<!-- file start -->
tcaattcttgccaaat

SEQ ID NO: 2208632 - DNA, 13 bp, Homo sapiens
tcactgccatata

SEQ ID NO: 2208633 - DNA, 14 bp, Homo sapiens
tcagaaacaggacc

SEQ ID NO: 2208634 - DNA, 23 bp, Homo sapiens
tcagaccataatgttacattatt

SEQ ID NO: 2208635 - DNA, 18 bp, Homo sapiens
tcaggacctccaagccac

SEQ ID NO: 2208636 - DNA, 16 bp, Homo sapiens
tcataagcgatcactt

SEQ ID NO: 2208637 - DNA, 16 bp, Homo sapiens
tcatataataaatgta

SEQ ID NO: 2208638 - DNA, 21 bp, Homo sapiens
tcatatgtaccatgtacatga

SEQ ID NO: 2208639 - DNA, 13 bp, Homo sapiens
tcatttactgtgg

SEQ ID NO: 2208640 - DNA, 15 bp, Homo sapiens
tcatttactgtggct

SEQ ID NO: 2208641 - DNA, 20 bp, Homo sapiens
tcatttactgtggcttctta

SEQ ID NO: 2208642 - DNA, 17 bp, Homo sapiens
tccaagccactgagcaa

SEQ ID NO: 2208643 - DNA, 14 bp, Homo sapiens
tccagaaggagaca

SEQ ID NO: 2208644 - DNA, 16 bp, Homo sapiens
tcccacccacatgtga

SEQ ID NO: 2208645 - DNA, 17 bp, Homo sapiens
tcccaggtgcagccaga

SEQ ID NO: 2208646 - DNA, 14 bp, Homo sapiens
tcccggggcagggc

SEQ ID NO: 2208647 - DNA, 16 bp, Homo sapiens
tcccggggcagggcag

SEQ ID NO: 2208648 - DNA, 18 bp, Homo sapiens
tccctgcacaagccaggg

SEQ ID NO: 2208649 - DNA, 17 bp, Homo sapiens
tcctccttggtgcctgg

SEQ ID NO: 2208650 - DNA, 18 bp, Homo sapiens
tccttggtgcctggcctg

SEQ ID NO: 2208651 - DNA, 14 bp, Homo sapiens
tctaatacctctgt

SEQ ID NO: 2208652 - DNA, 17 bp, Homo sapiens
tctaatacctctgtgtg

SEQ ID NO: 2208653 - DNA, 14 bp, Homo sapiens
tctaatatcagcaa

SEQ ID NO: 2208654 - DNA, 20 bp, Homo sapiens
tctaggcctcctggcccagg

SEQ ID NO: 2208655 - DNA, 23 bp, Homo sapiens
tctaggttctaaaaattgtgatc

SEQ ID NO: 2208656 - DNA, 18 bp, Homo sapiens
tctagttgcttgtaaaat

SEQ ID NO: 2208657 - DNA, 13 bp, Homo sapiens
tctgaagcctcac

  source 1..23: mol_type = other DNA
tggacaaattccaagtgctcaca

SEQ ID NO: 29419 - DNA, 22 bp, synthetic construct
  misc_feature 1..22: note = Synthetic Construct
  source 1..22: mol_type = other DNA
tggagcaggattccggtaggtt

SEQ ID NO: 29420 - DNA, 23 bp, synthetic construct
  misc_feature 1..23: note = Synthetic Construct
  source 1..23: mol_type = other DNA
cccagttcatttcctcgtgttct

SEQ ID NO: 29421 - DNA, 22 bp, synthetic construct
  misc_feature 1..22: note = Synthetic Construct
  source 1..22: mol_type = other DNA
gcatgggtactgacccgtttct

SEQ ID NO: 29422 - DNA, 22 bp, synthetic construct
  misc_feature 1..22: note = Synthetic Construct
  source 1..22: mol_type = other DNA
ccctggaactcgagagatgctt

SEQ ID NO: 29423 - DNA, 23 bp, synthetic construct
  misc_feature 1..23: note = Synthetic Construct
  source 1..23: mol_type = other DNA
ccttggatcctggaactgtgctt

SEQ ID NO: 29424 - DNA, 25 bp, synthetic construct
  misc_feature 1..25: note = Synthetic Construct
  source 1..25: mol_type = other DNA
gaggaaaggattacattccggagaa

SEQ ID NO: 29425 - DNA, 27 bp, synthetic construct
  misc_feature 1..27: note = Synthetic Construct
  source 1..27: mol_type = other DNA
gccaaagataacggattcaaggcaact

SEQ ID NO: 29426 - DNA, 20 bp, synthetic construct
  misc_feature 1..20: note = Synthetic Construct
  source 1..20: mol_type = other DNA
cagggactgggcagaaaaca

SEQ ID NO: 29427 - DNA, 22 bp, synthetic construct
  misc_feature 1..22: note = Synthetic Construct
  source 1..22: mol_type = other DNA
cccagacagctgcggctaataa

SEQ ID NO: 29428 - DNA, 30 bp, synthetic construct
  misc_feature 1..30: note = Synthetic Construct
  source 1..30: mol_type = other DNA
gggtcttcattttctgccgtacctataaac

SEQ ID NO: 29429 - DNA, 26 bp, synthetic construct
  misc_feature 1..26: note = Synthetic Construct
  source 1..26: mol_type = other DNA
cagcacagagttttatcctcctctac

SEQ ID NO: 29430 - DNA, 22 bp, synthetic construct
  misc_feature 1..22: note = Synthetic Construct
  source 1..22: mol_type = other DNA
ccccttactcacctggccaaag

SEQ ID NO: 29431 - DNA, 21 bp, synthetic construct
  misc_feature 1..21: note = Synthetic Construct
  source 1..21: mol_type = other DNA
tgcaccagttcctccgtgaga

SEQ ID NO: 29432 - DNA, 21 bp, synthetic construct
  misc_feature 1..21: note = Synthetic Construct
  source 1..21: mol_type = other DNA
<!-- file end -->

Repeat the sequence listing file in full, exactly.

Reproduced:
tcaattcttgccaaat

SEQ ID NO: 2208632 - DNA, 13 bp, Homo sapiens
tcactgccatata

SEQ ID NO: 2208633 - DNA, 14 bp, Homo sapiens
tcagaaacaggacc

SEQ ID NO: 2208634 - DNA, 23 bp, Homo sapiens
tcagaccataatgttacattatt

SEQ ID NO: 2208635 - DNA, 18 bp, Homo sapiens
tcaggacctccaagccac

SEQ ID NO: 2208636 - DNA, 16 bp, Homo sapiens
tcataagcgatcactt

SEQ ID NO: 2208637 - DNA, 16 bp, Homo sapiens
tcatataataaatgta

SEQ ID NO: 2208638 - DNA, 21 bp, Homo sapiens
tcatatgtaccatgtacatga

SEQ ID NO: 2208639 - DNA, 13 bp, Homo sapiens
tcatttactgtgg

SEQ ID NO: 2208640 - DNA, 15 bp, Homo sapiens
tcatttactgtggct

SEQ ID NO: 2208641 - DNA, 20 bp, Homo sapiens
tcatttactgtggcttctta

SEQ ID NO: 2208642 - DNA, 17 bp, Homo sapiens
tccaagccactgagcaa

SEQ ID NO: 2208643 - DNA, 14 bp, Homo sapiens
tccagaaggagaca

SEQ ID NO: 2208644 - DNA, 16 bp, Homo sapiens
tcccacccacatgtga

SEQ ID NO: 2208645 - DNA, 17 bp, Homo sapiens
tcccaggtgcagccaga

SEQ ID NO: 2208646 - DNA, 14 bp, Homo sapiens
tcccggggcagggc

SEQ ID NO: 2208647 - DNA, 16 bp, Homo sapiens
tcccggggcagggcag

SEQ ID NO: 2208648 - DNA, 18 bp, Homo sapiens
tccctgcacaagccaggg

SEQ ID NO: 2208649 - DNA, 17 bp, Homo sapiens
tcctccttggtgcctgg

SEQ ID NO: 2208650 - DNA, 18 bp, Homo sapiens
tccttggtgcctggcctg

SEQ ID NO: 2208651 - DNA, 14 bp, Homo sapiens
tctaatacctctgt

SEQ ID NO: 2208652 - DNA, 17 bp, Homo sapiens
tctaatacctctgtgtg

SEQ ID NO: 2208653 - DNA, 14 bp, Homo sapiens
tctaatatcagcaa

SEQ ID NO: 2208654 - DNA, 20 bp, Homo sapiens
tctaggcctcctggcccagg

SEQ ID NO: 2208655 - DNA, 23 bp, Homo sapiens
tctaggttctaaaaattgtgatc

SEQ ID NO: 2208656 - DNA, 18 bp, Homo sapiens
tctagttgcttgtaaaat

SEQ ID NO: 2208657 - DNA, 13 bp, Homo sapiens
tctgaagcctcac

  source 1..23: mol_type = other DNA
tggacaaattccaagtgctcaca

SEQ ID NO: 29419 - DNA, 22 bp, synthetic construct
  misc_feature 1..22: note = Synthetic Construct
  source 1..22: mol_type = other DNA
tggagcaggattccggtaggtt

SEQ ID NO: 29420 - DNA, 23 bp, synthetic construct
  misc_feature 1..23: note = Synthetic Construct
  source 1..23: mol_type = other DNA
cccagttcatttcctcgtgttct

SEQ ID NO: 29421 - DNA, 22 bp, synthetic construct
  misc_feature 1..22: note = Synthetic Construct
  source 1..22: mol_type = other DNA
gcatgggtactgacccgtttct

SEQ ID NO: 29422 - DNA, 22 bp, synthetic construct
  misc_feature 1..22: note = Synthetic Construct
  source 1..22: mol_type = other DNA
ccctggaactcgagagatgctt

SEQ ID NO: 29423 - DNA, 23 bp, synthetic construct
  misc_feature 1..23: note = Synthetic Construct
  source 1..23: mol_type = other DNA
ccttggatcctggaactgtgctt

SEQ ID NO: 29424 - DNA, 25 bp, synthetic construct
  misc_feature 1..25: note = Synthetic Construct
  source 1..25: mol_type = other DNA
gaggaaaggattacattccggagaa

SEQ ID NO: 29425 - DNA, 27 bp, synthetic construct
  misc_feature 1..27: note = Synthetic Construct
  source 1..27: mol_type = other DNA
gccaaagataacggattcaaggcaact

SEQ ID NO: 29426 - DNA, 20 bp, synthetic construct
  misc_feature 1..20: note = Synthetic Construct
  source 1..20: mol_type = other DNA
cagggactgggcagaaaaca

SEQ ID NO: 29427 - DNA, 22 bp, synthetic construct
  misc_feature 1..22: note = Synthetic Construct
  source 1..22: mol_type = other DNA
cccagacagctgcggctaataa

SEQ ID NO: 29428 - DNA, 30 bp, synthetic construct
  misc_feature 1..30: note = Synthetic Construct
  source 1..30: mol_type = other DNA
gggtcttcattttctgccgtacctataaac

SEQ ID NO: 29429 - DNA, 26 bp, synthetic construct
  misc_feature 1..26: note = Synthetic Construct
  source 1..26: mol_type = other DNA
cagcacagagttttatcctcctctac

SEQ ID NO: 29430 - DNA, 22 bp, synthetic construct
  misc_feature 1..22: note = Synthetic Construct
  source 1..22: mol_type = other DNA
ccccttactcacctggccaaag

SEQ ID NO: 29431 - DNA, 21 bp, synthetic construct
  misc_feature 1..21: note = Synthetic Construct
  source 1..21: mol_type = other DNA
tgcaccagttcctccgtgaga

SEQ ID NO: 29432 - DNA, 21 bp, synthetic construct
  misc_feature 1..21: note = Synthetic Construct
  source 1..21: mol_type = other DNA